Day 23: Compost inside the house! (and how to make one out of clementine boxes)

Do you recycle? Great! Did you know that you can reduce your waste by an extra 24% by composting? Chances are, that if you have a backyard, you already know the advantages of recycling your food back into the Earth. But you don’t have to own a backyard – or have any outside space at all. You can start composting in a box inside your own apartment. Why? Because it’s good for the plants, it’s good for the planet, and it’s good for landfills around the world. How? Let’s take a look.

You’re producing less trash – which means less ugly landfills that take up space, produce enormous amounts of greenhouse gases by just sitting there, and contaminate ground water. It also means less CO2 transporting that trash to a landfill, and less plastic bags to put that waste in – which means less plastic in the ocean and less petroleum going in the production of plastic bags, and less animals eating and dying of plastic. So when you compost, you’re helping the Earth control its climate, look prettier, keep its water clean, and maintain its ocean life.

But how do you do it? Here are some questions people have about composting in their own apartment:

#1. It doesn’t smell bad if you compost scraps the right way- see instructions at the bottom of this article.

#2. It doesn’t attract flies/bugs for the same reasons above.

#3. If you choose to add worms to it, they will not leave the compost unless they are drowning in liquid – just keep the liquid content down by adding plenty of dry material.

#4. It doesn’t take up that much space and the scraps you put in it will magically be compacted in a couple weeks.

So without further ado, I introduce my magic zero-dollar and zero-assembly composter: Two clementine boxes stacked together on top of a plastic tray that collects liquid, and topped with a shoebox lid. They’re not even taped together. Really.


Disclaimer: I don’t have time or resources to either buy a compost bin or make a nice one myself, but there are some lovely DIY compost bins out there for the crafty-person, and some great options on the market. But for now, this one does the job. Why?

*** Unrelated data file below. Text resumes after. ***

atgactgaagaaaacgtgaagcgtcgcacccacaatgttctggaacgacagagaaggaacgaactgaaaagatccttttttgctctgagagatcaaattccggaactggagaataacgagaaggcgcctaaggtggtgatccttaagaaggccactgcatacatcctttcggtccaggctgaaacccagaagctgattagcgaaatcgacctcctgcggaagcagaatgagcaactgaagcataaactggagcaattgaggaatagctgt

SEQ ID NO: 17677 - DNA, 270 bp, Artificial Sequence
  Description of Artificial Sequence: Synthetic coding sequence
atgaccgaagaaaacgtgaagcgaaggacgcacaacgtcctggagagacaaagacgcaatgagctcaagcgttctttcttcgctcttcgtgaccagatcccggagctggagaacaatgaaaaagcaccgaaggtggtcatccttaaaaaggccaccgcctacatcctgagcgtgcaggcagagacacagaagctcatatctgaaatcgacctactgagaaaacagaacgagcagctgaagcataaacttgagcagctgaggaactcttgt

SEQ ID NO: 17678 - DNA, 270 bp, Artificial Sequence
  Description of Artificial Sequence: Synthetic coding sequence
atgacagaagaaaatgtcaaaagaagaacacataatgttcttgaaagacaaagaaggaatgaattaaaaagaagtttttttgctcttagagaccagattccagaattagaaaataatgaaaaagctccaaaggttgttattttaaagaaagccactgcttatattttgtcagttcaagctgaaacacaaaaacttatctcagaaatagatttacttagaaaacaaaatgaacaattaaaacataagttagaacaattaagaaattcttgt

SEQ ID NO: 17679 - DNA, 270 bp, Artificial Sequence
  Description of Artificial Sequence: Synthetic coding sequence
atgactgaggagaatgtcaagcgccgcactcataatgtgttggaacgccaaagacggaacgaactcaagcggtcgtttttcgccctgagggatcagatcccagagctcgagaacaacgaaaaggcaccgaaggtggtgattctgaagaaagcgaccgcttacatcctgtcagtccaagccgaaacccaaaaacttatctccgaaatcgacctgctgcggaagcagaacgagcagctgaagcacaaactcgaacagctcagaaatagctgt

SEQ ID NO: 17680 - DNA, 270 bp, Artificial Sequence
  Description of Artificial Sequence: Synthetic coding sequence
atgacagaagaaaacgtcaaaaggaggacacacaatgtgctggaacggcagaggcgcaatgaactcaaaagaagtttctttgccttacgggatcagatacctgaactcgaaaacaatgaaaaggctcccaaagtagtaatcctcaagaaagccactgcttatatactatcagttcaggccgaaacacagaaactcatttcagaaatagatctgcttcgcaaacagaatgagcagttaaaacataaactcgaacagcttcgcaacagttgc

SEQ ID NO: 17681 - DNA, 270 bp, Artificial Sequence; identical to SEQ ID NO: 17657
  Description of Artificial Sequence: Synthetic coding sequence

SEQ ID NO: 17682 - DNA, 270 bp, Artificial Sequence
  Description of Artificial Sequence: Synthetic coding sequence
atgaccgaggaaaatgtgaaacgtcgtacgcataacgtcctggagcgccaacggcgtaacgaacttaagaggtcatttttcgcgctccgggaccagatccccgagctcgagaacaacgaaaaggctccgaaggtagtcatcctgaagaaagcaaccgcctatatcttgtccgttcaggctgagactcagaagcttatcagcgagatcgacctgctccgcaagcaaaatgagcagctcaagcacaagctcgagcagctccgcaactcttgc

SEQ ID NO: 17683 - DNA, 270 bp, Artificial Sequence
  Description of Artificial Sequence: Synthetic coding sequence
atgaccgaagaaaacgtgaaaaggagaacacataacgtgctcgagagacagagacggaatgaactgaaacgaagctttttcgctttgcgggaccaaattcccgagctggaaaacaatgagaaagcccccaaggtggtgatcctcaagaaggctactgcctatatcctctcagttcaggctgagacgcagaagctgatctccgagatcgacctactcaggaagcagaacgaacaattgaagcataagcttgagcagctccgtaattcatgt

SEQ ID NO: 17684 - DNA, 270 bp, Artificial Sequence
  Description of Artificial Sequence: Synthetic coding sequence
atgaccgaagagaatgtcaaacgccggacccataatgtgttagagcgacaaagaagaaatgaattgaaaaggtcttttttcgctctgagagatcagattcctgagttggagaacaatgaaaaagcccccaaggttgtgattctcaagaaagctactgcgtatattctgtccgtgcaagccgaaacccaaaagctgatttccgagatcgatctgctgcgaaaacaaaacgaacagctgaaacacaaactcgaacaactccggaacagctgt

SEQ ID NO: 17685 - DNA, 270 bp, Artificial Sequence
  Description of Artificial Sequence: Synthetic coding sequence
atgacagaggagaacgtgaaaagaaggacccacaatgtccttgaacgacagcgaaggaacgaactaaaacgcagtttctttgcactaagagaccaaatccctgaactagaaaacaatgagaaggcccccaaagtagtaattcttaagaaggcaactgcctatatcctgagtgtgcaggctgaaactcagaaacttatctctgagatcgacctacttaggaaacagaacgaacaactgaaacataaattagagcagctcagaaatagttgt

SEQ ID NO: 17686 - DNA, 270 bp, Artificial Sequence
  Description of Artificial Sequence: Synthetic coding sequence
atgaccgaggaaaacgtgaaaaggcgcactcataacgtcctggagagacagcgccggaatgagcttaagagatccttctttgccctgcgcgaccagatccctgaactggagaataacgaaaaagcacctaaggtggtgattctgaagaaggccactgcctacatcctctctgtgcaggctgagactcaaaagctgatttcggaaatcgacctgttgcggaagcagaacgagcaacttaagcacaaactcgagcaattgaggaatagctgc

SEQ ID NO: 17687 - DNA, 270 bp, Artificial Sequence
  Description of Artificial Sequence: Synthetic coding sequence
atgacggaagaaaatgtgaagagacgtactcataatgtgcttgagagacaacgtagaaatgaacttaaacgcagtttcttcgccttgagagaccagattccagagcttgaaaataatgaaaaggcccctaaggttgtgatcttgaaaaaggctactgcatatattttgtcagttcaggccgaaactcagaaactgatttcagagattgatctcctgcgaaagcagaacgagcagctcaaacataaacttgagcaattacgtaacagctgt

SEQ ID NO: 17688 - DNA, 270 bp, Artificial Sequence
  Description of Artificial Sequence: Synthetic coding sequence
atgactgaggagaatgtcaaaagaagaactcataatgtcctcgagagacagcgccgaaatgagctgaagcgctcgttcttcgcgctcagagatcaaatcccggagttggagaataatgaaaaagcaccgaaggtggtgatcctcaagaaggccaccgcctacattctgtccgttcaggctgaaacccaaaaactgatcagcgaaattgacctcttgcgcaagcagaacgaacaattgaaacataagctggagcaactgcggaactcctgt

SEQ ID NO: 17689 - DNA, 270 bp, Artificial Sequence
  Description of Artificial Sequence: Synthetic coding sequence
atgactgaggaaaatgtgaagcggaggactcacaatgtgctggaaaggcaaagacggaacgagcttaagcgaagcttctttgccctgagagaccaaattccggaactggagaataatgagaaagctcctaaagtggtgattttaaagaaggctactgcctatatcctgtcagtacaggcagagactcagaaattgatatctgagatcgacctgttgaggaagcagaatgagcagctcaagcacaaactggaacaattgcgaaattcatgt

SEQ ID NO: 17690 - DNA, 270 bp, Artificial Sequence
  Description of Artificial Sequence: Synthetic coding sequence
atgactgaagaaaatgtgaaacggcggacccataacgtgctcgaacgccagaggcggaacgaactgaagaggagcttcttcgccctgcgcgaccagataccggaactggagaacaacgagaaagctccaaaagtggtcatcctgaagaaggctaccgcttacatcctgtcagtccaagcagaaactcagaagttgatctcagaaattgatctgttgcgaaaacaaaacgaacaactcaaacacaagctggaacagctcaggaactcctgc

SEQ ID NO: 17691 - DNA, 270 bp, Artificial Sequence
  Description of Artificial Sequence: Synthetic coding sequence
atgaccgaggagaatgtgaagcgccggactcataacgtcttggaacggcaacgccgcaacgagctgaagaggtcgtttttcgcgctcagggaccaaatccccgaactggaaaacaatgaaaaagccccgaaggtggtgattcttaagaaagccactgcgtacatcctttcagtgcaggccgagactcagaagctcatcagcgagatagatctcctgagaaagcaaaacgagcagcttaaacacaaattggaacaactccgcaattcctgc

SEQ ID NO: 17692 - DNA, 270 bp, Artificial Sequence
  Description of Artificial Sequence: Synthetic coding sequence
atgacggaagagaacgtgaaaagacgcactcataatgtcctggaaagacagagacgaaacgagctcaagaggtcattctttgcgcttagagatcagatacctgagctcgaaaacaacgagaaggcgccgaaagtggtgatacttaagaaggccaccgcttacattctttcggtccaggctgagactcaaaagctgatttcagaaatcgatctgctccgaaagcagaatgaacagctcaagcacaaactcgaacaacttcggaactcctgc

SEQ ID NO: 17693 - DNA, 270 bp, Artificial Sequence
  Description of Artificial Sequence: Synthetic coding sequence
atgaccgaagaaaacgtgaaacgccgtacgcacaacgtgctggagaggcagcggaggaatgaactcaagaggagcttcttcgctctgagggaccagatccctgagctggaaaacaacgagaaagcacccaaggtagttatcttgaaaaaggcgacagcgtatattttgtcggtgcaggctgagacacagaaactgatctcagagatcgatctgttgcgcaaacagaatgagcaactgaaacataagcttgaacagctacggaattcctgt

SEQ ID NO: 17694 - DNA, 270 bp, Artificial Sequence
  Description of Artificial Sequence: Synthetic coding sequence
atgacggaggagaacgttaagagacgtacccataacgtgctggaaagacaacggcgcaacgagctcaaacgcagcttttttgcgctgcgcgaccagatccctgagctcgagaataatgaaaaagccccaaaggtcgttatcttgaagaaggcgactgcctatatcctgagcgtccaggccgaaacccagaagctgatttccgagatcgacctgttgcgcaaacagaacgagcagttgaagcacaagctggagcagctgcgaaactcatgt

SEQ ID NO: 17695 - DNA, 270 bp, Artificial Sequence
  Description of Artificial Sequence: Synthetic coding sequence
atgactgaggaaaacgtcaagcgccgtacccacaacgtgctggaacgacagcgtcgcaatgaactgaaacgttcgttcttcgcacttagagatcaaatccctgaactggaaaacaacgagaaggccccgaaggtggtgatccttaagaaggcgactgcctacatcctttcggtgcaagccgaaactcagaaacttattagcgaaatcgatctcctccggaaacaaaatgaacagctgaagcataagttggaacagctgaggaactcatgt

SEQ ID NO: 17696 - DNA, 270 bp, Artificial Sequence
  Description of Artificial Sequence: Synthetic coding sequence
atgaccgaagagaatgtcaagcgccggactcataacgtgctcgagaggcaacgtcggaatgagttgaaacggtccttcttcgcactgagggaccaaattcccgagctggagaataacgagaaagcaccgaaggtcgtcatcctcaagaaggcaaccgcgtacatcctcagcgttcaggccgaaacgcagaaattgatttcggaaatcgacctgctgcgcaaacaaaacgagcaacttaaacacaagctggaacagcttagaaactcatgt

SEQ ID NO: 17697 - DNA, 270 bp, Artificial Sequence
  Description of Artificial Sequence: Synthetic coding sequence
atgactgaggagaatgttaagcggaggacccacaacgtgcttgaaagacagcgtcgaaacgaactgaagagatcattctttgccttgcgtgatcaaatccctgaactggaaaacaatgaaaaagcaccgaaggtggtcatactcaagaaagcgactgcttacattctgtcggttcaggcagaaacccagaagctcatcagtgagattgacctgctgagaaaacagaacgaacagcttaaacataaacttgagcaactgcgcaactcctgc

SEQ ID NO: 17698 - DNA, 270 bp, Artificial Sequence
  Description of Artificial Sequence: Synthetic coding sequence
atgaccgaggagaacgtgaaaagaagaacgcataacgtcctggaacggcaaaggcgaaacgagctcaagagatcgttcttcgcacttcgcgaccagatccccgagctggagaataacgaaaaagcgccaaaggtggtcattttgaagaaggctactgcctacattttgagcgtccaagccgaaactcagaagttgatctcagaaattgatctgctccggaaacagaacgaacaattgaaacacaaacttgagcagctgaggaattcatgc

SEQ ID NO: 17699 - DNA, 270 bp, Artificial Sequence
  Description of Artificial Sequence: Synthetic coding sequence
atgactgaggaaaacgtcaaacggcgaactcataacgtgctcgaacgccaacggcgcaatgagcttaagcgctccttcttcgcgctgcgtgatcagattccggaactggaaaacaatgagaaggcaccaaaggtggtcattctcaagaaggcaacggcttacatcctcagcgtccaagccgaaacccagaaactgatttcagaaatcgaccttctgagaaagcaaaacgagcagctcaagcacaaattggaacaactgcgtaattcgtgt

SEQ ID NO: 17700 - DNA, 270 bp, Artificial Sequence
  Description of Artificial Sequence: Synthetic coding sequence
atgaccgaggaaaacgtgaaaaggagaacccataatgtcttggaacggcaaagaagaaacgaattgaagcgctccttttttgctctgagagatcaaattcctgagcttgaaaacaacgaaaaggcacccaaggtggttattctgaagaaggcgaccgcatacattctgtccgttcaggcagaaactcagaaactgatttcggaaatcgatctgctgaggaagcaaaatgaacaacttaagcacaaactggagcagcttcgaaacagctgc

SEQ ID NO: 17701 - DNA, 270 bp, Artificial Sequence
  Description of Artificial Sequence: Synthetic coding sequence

• It has plenty of holes on the sides and bottom, letting it “breathe”. Composting requires lots of air for the bacteria to do its job – plus, holes on the bottom allows for material on the top to eventually pass through to the bottom layer.
  • The two layers allow for the bottom one to “digest” while the top one is in use.
  • You can just keep adding clementine boxes.

So, how do you use it? Simple. Add an equal amount of brown material (cardboard, paper, leaves, twigs) for every amount of food scraps (carrot peels, pumpkin shells, tea bags, coffee grounds, etc.). Or, instead of measuring it out, top every layer of food scraps with a fluffy layer of brown material. Always keep this fluffy layer on top to ensure that it won’t smell or get too wet.

Add worms and dirt to speed up the composting process (I plan on taping the sides of the clementine boxes shut so I can add worms). You should see some serious compactation within a couple of weeks, but don’t get too excited – the actual compost will be take several months to form. You can then use the solid matter in the boxes or the liquid in the tray to fertilize plants in your garden (don’t get discouraged, you can have a garden indoors too! More on that later).

Don’t use the fact that you live indoors as an excuse not to compost! You too can save the world by composting. Click on this video for another easy way and tips on indoor composting.



1 Comment

Filed under Actions

One response to “Day 23: Compost inside the house! (and how to make one out of clementine boxes)

  1. Pingback: Day 25: Replacing flimsy plastic produce bags | The Earth Tribune

Leave a Reply

Fill in your details below or click an icon to log in: Logo

You are commenting using your account. Log Out /  Change )

Google+ photo

You are commenting using your Google+ account. Log Out /  Change )

Twitter picture

You are commenting using your Twitter account. Log Out /  Change )

Facebook photo

You are commenting using your Facebook account. Log Out /  Change )


Connecting to %s